DEFRA #omnishambles doesn’t have a clue – for peat’s sake!

In response to an information request about DEFRA’s knowledge of peat resources, following their scandalously abject policy measure to restrict burning on peatlands, this was received (not by me, I am grateful to the excellent and talented Guy Shrubsole).

The most interesting paragraph, although it is all riveting of course, is this one:

We do not currently hold a map of all peat that is 40cm or more deep. This is because it is being developed by a peat mapping project that is in commencement. Following the completion of the map, it will be published. We do hold some limited data at: https://magic.defra.gov.uk/MagicMap.aspx. From the Table of Contents, select ‘Landscapes’, followed by ‘Geology and Soils’, and ‘Soilscape (England)’. This will show a map of peat soils in England, although it does not demonstrate the depth of peat.

So, you may remember that after delay after delay after delay, DEFRA announced measures to protect ‘England’s national rainforests’ aka peatlands in areas where the peat depth is >40cm, which were roundly condemned by environmentalists as being no use at all, and roundly condemned by parliamentarians as being no use at all and now we learn that DEFRA doesn’t know much, and certainly doesn’t know where these peatlands are.

DEFRA should be banning burning on all peatlands with very few exceptions.

DEFRA omnishambles

Photo: Sarah Hanson
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5 Replies to “DEFRA #omnishambles doesn’t have a clue – for peat’s sake!”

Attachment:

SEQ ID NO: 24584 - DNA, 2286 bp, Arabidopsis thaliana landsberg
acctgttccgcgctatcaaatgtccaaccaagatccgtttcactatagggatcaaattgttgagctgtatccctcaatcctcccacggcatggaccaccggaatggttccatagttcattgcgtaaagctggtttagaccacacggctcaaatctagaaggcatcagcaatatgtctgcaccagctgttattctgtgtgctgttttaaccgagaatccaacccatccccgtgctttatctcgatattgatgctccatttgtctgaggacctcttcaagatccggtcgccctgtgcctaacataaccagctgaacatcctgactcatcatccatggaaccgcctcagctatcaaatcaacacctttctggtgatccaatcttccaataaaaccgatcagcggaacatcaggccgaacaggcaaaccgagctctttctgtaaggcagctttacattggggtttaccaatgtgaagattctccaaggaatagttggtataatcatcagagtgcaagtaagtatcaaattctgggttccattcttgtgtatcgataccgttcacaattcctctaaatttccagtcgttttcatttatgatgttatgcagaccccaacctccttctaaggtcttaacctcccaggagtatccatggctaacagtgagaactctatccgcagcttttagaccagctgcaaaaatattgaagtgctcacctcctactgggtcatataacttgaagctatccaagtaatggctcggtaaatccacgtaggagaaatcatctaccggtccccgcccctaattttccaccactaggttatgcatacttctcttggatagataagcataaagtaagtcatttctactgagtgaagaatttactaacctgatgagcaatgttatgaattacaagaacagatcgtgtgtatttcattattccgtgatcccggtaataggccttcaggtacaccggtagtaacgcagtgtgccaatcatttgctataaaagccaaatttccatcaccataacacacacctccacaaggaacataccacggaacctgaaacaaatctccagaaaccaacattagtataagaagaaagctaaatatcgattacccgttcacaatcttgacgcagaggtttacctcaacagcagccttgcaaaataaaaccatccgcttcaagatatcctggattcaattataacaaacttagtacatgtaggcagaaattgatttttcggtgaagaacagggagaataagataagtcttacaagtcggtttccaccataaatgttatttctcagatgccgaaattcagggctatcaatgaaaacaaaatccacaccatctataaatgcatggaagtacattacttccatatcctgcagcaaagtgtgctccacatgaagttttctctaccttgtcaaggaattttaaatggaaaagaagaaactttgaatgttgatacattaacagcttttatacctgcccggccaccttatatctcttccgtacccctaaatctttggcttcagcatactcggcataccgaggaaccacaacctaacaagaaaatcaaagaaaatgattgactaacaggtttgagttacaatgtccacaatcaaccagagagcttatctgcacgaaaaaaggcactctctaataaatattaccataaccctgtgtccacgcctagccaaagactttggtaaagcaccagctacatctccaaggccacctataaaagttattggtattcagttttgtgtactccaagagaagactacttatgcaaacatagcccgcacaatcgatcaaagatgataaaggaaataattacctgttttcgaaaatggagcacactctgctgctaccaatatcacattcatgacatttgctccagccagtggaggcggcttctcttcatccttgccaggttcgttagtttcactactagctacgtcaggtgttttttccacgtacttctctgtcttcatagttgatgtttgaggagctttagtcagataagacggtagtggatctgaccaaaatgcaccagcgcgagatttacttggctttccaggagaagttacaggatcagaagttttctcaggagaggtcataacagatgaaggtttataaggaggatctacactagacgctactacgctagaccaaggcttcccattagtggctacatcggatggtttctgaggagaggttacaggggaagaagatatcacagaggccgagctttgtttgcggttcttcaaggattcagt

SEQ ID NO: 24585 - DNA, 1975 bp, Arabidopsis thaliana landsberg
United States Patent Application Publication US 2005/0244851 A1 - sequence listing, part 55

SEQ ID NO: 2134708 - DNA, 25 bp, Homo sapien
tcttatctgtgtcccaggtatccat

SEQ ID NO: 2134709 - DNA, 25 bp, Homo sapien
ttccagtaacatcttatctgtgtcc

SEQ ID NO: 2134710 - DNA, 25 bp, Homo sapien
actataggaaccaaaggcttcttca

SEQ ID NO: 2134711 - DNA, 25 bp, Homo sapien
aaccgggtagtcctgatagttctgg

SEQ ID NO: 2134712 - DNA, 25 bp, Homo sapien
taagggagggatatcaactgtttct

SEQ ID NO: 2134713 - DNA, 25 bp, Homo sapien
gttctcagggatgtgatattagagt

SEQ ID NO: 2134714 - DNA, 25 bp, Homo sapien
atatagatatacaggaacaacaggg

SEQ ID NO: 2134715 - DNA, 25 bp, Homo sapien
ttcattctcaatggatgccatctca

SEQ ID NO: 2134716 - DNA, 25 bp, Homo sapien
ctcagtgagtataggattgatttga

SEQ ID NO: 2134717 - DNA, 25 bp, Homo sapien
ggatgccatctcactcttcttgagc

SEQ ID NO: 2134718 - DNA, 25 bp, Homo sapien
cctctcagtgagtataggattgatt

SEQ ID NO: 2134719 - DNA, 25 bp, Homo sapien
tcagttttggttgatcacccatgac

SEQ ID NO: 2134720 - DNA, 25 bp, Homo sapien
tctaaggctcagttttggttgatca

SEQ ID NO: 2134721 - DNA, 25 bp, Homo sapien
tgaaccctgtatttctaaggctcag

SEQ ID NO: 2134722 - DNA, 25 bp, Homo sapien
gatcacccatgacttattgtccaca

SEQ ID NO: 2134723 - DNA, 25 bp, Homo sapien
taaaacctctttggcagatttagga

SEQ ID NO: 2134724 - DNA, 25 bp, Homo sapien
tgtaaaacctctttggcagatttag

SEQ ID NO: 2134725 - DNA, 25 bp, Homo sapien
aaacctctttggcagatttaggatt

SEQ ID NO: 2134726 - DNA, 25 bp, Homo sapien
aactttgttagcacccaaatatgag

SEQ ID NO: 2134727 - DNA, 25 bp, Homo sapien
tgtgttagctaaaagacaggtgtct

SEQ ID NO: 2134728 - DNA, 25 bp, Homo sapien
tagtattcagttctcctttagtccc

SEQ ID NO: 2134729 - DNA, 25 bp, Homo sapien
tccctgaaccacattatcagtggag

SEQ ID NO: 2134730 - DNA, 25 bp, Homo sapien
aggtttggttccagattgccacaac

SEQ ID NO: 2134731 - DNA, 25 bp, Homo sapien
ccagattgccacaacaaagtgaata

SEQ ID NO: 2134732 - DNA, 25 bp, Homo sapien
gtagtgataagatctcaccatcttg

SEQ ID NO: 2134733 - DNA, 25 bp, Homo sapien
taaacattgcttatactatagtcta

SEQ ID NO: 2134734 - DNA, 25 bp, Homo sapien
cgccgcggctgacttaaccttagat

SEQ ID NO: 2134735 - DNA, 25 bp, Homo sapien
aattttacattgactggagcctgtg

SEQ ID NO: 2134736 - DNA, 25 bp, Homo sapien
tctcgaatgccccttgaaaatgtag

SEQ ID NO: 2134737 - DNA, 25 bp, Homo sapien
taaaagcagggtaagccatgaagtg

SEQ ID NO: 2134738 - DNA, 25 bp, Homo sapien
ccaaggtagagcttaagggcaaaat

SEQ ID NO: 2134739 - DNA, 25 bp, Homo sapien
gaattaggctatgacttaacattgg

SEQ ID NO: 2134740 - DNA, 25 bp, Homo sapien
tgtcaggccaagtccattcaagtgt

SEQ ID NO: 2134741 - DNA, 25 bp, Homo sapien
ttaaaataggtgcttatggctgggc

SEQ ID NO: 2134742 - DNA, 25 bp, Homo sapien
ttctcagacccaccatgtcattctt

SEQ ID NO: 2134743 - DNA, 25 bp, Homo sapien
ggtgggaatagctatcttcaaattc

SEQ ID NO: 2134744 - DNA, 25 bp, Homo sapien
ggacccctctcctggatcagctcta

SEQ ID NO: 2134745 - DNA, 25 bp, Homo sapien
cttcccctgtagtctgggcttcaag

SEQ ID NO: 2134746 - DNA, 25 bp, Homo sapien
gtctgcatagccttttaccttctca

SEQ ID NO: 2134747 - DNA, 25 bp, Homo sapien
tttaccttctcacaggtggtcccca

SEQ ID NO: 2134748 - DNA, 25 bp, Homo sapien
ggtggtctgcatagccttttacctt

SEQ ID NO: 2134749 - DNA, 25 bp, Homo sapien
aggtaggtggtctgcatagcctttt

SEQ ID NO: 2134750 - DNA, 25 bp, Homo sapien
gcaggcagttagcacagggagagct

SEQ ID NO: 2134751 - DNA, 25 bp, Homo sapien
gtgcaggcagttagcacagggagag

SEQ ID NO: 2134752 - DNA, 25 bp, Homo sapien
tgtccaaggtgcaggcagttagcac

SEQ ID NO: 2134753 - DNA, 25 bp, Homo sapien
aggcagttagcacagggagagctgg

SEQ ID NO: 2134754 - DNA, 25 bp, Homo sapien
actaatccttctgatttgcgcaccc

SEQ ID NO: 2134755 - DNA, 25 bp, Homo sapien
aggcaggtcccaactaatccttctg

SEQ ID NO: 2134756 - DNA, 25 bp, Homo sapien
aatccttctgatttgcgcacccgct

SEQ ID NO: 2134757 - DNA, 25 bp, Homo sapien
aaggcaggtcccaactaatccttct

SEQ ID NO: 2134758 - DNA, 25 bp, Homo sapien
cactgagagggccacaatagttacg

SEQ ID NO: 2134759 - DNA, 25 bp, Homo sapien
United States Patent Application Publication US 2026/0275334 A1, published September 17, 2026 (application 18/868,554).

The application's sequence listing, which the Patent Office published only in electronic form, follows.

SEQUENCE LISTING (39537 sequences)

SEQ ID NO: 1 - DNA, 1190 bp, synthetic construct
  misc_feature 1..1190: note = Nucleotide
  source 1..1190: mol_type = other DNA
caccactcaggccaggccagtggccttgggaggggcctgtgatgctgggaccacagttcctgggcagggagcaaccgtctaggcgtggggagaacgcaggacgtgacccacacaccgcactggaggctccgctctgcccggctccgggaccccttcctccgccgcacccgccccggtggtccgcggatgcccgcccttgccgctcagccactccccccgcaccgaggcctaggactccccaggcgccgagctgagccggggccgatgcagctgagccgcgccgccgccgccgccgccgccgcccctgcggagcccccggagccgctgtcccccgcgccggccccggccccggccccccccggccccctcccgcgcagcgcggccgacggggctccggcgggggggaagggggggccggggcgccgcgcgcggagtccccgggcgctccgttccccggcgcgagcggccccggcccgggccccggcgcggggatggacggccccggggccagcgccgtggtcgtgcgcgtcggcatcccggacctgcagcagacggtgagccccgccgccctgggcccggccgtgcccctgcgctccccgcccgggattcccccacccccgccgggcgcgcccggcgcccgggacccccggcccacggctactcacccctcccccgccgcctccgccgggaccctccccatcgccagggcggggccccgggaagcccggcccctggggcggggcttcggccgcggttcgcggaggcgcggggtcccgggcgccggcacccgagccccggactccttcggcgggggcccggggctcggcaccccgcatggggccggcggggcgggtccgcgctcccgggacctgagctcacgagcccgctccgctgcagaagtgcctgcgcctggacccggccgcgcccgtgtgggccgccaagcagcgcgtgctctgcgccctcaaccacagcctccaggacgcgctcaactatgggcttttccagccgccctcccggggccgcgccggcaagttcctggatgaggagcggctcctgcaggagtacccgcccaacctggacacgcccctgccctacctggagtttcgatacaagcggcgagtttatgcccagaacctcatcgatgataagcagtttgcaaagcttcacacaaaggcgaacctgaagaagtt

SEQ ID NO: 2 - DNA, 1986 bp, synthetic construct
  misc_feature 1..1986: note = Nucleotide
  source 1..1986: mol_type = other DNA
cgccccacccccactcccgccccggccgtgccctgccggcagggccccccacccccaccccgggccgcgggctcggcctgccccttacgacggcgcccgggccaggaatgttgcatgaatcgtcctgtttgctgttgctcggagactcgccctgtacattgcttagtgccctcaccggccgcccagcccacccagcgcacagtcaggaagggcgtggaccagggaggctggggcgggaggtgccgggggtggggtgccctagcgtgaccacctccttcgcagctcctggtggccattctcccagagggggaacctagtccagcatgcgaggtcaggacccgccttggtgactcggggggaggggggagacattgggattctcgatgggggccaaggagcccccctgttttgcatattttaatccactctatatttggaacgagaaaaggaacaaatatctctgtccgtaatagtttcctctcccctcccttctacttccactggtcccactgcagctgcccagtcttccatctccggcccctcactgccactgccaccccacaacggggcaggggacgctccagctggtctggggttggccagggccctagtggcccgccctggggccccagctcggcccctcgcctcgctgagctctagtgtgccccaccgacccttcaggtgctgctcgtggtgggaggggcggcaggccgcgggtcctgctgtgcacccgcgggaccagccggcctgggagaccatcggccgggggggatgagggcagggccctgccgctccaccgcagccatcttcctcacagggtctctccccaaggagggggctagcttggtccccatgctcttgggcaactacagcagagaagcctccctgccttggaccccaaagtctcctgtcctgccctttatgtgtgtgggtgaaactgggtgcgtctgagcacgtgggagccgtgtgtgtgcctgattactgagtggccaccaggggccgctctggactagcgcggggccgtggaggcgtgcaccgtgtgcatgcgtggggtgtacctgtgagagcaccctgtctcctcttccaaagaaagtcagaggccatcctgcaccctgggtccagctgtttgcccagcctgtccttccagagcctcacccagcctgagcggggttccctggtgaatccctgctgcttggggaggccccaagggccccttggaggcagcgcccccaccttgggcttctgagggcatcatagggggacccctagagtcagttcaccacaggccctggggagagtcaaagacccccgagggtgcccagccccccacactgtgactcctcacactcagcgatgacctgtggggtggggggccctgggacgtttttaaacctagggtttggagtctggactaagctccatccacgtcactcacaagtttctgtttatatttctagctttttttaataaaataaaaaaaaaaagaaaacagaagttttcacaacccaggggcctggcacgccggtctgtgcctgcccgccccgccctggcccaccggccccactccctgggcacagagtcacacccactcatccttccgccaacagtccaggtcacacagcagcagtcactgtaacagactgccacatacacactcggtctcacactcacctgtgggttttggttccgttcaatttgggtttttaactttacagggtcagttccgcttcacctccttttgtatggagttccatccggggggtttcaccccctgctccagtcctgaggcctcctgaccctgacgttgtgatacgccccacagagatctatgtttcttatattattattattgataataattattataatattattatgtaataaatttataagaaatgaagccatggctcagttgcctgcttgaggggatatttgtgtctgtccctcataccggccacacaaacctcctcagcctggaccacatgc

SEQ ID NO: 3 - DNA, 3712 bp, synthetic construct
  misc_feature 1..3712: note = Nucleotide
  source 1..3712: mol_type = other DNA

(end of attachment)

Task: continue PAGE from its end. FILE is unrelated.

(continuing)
1. This is just one more confirmation, if one was required, of the total disgrace that Defra and therefore this Government is.
    One cannot rely whatsoever on any of their their statements on anything. It is all just propaganda and totally misleading. While one probably cannot actually accuse them of fibbing it must come pretty close to it at times. Generally all their misleading fluff is in support of those who shoot our wildlife for fun.
    Any other organisation that behaved like Defra would have gone out of business long ago.

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  2. I thought that it was "the law" that before government implements an new law (or order) there had to undertake a range of impact assessments. To prevent unintended consequences or costs, this covers both environmental and economic implications.

    How can they assess the impact of their actions if they do not know what the scale of the impact is going to be?

    Bad Law in the making.

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  3. Can't say it is a surprise, not with this government. They make announcements to get in the news cycle, not to actually govern. It is always business as normal as soon as the headlines fade. It is always designed to sound good in a newsplash, but be unworkable in practice. The Tories want to rule, not govern.

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  4. This is interesting in respect to the tree planting of deep peat at Berrier Farm in Cumbria (Miles King - 6 Nov 2020) - where the question of available data came up quite rightly over whether a clear warning that this was deep peat and should not have been planted came up. At the time it was, I think, suggested that a data set did in fact exist but was not available to the people who proposed & approved the scheme. I'm not sure the Defra response answers the question - but it does make quite clear how important this issue is, not just for muirburn.

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